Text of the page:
Here is what I missed inside, from Famous Monuments of Mrauk U: Useful Reference for Tourists and Travelers by Myar Aung (which is not available anywhere that I can find it here, I purchased it at the Archaeological Museum in Mrauk U):
“On the wall of the passage are the figures in relief numbering more than two hundred and eighty which were sculpted on six layers of the stone walls. Most important figures are that of Buddha images, figures playing musical instruments, turning somersault, natural habitat of animals, paying homage to buddha, figures suffering in hell, waging battles, donating of off-springs by King Vesandra, shooting arrrow by Souvanna Sama, Jataka story of King of “hamsa” and so on.
“Above the figures are the small Buddha images. On the sandstone pedestal of the special chamber are the floral designs, the reliefs of Jataka stories, fitures of playing the conch shell, among others, as the artefacts of Mrauk-U period.”
Don’t miss it like I did!
Also spelled as Htu-pa-ron, this temple was built in 1494, ascribed to Min Ran Aung who only reigned for six months. In 1631, Min Khamoung had it renovated and gilded with lilies. This shrine was thought to be very auspicious, as the kings of Mrauk U period worshipped the Buddha image after their coronation ceremony to ensure victory or success in their reigns.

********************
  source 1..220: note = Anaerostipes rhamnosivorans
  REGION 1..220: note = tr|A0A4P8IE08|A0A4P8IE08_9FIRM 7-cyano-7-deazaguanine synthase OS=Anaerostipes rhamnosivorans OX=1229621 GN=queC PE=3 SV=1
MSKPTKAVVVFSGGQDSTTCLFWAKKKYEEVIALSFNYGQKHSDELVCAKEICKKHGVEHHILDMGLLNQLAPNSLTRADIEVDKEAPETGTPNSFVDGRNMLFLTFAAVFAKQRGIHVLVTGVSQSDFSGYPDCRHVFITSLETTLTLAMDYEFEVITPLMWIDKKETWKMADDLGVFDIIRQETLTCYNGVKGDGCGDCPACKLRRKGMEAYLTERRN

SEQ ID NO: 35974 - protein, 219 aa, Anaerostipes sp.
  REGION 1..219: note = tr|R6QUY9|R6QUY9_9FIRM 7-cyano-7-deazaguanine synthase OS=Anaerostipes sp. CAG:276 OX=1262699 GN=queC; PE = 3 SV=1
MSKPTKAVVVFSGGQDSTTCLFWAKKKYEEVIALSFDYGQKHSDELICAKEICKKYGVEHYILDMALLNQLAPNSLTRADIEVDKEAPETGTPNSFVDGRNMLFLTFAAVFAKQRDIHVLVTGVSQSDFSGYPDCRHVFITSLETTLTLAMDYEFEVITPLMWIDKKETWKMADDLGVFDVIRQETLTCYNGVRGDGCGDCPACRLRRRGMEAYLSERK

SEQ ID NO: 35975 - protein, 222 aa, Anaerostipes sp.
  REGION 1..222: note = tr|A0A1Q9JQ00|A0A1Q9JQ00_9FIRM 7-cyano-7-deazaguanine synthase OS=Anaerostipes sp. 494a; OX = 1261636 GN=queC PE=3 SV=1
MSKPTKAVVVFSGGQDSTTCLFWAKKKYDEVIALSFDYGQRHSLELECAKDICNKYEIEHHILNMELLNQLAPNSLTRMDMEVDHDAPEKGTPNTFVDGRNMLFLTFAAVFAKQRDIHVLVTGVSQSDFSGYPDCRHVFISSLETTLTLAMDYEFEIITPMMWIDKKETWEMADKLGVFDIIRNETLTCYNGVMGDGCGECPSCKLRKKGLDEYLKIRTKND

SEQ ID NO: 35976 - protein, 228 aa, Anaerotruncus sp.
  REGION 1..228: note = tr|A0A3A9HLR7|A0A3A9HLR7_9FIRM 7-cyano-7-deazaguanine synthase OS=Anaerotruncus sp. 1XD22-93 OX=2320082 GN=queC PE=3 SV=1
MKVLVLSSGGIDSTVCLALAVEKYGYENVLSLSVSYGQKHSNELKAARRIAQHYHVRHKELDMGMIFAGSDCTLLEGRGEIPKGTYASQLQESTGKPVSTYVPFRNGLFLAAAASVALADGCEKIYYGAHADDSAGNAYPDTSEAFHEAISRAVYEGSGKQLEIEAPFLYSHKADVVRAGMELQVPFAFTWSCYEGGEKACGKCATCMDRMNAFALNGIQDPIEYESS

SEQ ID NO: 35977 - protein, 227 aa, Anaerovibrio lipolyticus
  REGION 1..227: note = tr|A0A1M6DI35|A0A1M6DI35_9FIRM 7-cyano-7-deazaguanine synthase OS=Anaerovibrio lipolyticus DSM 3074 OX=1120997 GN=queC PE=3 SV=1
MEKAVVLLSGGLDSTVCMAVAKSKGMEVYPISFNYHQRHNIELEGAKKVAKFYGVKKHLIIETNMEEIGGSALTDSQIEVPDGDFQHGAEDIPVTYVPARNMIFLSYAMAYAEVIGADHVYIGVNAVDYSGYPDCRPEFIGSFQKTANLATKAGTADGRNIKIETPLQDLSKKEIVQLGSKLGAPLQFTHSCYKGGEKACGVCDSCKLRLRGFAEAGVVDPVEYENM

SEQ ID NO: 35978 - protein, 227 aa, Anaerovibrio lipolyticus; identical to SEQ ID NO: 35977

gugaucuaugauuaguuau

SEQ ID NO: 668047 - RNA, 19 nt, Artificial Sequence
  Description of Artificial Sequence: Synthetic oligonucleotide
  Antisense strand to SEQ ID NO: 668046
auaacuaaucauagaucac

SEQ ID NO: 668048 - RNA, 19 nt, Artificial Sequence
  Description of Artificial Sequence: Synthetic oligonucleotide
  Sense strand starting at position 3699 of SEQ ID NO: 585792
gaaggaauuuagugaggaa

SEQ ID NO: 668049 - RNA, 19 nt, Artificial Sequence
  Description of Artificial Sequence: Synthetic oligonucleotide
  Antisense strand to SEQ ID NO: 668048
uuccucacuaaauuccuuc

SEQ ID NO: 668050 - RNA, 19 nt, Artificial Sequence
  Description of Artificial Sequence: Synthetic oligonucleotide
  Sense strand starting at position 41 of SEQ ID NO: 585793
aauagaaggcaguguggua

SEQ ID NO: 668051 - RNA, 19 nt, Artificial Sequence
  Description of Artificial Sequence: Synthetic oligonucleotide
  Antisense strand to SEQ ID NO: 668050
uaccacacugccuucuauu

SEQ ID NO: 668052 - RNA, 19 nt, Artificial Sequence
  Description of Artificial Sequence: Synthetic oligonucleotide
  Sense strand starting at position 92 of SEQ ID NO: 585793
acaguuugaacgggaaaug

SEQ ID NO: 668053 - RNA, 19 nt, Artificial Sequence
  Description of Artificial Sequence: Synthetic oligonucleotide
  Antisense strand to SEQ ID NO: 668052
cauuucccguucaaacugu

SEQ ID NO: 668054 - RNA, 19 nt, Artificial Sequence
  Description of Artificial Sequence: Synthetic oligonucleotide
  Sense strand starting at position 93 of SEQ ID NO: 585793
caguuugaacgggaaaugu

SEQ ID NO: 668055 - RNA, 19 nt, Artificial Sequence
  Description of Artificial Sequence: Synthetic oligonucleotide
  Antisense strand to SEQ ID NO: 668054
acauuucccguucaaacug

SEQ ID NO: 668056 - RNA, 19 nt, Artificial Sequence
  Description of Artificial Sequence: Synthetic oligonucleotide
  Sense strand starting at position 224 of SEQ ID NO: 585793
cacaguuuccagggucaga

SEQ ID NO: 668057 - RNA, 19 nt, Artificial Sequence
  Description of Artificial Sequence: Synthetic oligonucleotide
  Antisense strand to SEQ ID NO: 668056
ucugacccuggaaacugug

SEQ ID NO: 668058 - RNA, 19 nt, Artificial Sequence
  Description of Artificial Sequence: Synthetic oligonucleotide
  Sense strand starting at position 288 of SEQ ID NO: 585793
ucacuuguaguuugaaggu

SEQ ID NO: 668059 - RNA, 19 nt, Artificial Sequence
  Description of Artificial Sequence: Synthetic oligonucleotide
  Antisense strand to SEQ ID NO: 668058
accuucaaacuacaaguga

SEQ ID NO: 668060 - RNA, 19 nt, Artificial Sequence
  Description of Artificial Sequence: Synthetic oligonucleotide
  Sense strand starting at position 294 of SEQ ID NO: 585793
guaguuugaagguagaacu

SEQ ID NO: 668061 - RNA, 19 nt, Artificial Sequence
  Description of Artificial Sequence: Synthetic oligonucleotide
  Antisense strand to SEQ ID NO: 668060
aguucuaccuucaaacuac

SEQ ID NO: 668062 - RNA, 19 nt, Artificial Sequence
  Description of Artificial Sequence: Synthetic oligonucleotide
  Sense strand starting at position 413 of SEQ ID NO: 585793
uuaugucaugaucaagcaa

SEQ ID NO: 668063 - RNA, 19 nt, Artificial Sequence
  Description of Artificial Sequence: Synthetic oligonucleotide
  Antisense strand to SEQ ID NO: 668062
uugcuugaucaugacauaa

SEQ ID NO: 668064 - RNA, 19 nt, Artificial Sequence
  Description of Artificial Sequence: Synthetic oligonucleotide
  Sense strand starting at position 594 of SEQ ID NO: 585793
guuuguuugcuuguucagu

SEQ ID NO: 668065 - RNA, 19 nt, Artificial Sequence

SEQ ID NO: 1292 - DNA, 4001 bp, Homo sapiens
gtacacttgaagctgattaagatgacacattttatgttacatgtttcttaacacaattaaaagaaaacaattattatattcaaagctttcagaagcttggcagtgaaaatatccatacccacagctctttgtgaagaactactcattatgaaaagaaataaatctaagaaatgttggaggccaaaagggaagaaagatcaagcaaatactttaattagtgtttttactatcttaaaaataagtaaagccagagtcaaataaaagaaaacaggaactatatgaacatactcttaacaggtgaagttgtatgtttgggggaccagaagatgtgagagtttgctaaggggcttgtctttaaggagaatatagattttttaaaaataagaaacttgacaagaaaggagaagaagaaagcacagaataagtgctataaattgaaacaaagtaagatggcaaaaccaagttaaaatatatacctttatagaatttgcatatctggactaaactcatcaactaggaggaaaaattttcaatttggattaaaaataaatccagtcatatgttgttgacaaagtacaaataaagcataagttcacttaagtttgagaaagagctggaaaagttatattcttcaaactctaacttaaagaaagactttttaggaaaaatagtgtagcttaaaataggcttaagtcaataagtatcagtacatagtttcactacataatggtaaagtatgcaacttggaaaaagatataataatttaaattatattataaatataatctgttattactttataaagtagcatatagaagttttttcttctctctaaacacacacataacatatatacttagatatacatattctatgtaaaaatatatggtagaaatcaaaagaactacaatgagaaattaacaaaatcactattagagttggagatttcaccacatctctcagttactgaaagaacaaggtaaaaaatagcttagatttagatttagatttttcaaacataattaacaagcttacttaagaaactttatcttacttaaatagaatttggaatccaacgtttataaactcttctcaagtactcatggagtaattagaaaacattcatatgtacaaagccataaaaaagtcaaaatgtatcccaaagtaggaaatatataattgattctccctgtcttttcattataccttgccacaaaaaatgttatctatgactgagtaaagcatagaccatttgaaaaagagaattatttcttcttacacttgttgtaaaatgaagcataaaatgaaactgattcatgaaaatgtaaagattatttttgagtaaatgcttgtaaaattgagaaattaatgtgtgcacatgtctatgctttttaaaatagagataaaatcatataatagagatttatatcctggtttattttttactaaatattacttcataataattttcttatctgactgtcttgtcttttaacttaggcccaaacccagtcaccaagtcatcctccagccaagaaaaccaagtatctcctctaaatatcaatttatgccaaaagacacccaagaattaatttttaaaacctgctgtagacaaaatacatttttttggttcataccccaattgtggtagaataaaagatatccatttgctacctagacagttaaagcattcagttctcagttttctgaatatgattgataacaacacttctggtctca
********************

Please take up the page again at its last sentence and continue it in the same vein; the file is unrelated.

According to the map, this is across from Sanda Muni Temple, but I did not see it. A temple complex that looks similar to Htupayon is Ratana-Hmankeen and Ratana-San-Wray. They are situated across the dirt road from Laung-Praun-Prauk. The Famous Monuments of Mrauk U book places Htupayon inside the northern inner and outer walls of Laung-Praun-Prauk. Looking at Pamela Gutman’s map [Burma’s Lost Kingdoms, p. 76-77], Htupayon is across the way from Sandarama (or Sanda Muni) Temple, although depending on where one is standing and which direction you look in, it appears one would be able to see both of the larger structures as it’s sort of right in between them.
Nibbuza or Ni-buza
Referred to as “Offering to the Nats,” Nibbuza was built in 1527 by King Saw Oh, it seems that we’re getting later on in the Mrauk U Kingdom First Phase. In fact, excavations in 1997 found a shrine that existed there during the late Vesali period, which goes much farther back to circa 6th to 8th centuries AD. They found Hindu and Buddhist remains there.
I have a hazy memory of lots of debris and construction material all around, so for some reason I never went beyond the roofed Buddha figure. There was a worker there putting stones together as he worked on something. I ended up taking pictures of what he was doing. The only glimpse I have of the stupa is what can be seen behind the large Buddha figure in the “Nat House” (my name for it) in front of the stupa.
Mrauk U Kingdom First Phase – Summary
The architectural style of Mrauk U Kingdom’s First Phase veered towards the Burmese tradition of a circular stupa with bell shaped dome. With such solidity and downward gravity, these monuments feel grounded and settled on the land in which they were built. During the next phase, or the Middle Phase, we’ll look at what are considered the great monuments of the Mrauk U Kingdom.